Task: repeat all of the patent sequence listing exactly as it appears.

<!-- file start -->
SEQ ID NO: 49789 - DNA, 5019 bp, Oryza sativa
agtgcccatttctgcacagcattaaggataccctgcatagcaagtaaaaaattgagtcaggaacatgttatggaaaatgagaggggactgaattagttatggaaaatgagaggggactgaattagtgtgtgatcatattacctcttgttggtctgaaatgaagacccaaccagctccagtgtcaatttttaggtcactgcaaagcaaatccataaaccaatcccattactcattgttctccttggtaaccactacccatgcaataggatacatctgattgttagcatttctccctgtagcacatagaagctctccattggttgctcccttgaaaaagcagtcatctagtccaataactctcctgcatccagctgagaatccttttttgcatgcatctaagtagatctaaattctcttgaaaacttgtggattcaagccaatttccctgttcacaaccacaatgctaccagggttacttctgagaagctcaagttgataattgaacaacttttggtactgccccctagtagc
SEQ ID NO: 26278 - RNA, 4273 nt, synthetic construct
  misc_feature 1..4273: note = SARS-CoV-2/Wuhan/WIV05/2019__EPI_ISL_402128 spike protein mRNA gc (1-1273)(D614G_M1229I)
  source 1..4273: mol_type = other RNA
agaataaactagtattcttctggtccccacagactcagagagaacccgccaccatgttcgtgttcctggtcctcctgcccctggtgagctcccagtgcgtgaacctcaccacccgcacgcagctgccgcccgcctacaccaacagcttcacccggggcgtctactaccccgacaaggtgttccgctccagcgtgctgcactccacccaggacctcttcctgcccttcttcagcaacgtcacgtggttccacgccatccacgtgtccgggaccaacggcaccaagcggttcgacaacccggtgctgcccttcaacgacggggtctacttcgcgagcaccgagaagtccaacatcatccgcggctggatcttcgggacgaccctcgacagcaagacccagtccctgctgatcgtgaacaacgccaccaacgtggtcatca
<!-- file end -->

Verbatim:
SEQ ID NO: 49789 - DNA, 5019 bp, Oryza sativa
agtgcccatttctgcacagcattaaggataccctgcatagcaagtaaaaaattgagtcaggaacatgttatggaaaatgagaggggactgaattagttatggaaaatgagaggggactgaattagtgtgtgatcatattacctcttgttggtctgaaatgaagacccaaccagctccagtgtcaatttttaggtcactgcaaagcaaatccataaaccaatcccattactcattgttctccttggtaaccactacccatgcaataggatacatctgattgttagcatttctccctgtagcacatagaagctctccattggttgctcccttgaaaaagcagtcatctagtccaataactctcctgcatccagctgagaatccttttttgcatgcatctaagtagatctaaattctcttgaaaacttgtggattcaagccaatttccctgttcacaaccacaatgctaccagggttacttctgagaagctcaagttgataattgaacaacttttggtactgccccctagtagc
SEQ ID NO: 26278 - RNA, 4273 nt, synthetic construct
  misc_feature 1..4273: note = SARS-CoV-2/Wuhan/WIV05/2019__EPI_ISL_402128 spike protein mRNA gc (1-1273)(D614G_M1229I)
  source 1..4273: mol_type = other RNA
agaataaactagtattcttctggtccccacagactcagagagaacccgccaccatgttcgtgttcctggtcctcctgcccctggtgagctcccagtgcgtgaacctcaccacccgcacgcagctgccgcccgcctacaccaacagcttcacccggggcgtctactaccccgacaaggtgttccgctccagcgtgctgcactccacccaggacctcttcctgcccttcttcagcaacgtcacgtggttccacgccatccacgtgtccgggaccaacggcaccaagcggttcgacaacccggtgctgcccttcaacgacggggtctacttcgcgagcaccgagaagtccaacatcatccgcggctggatcttcgggacgaccctcgacagcaagacccagtccctgctgatcgtgaacaacgccaccaacgtggtcatca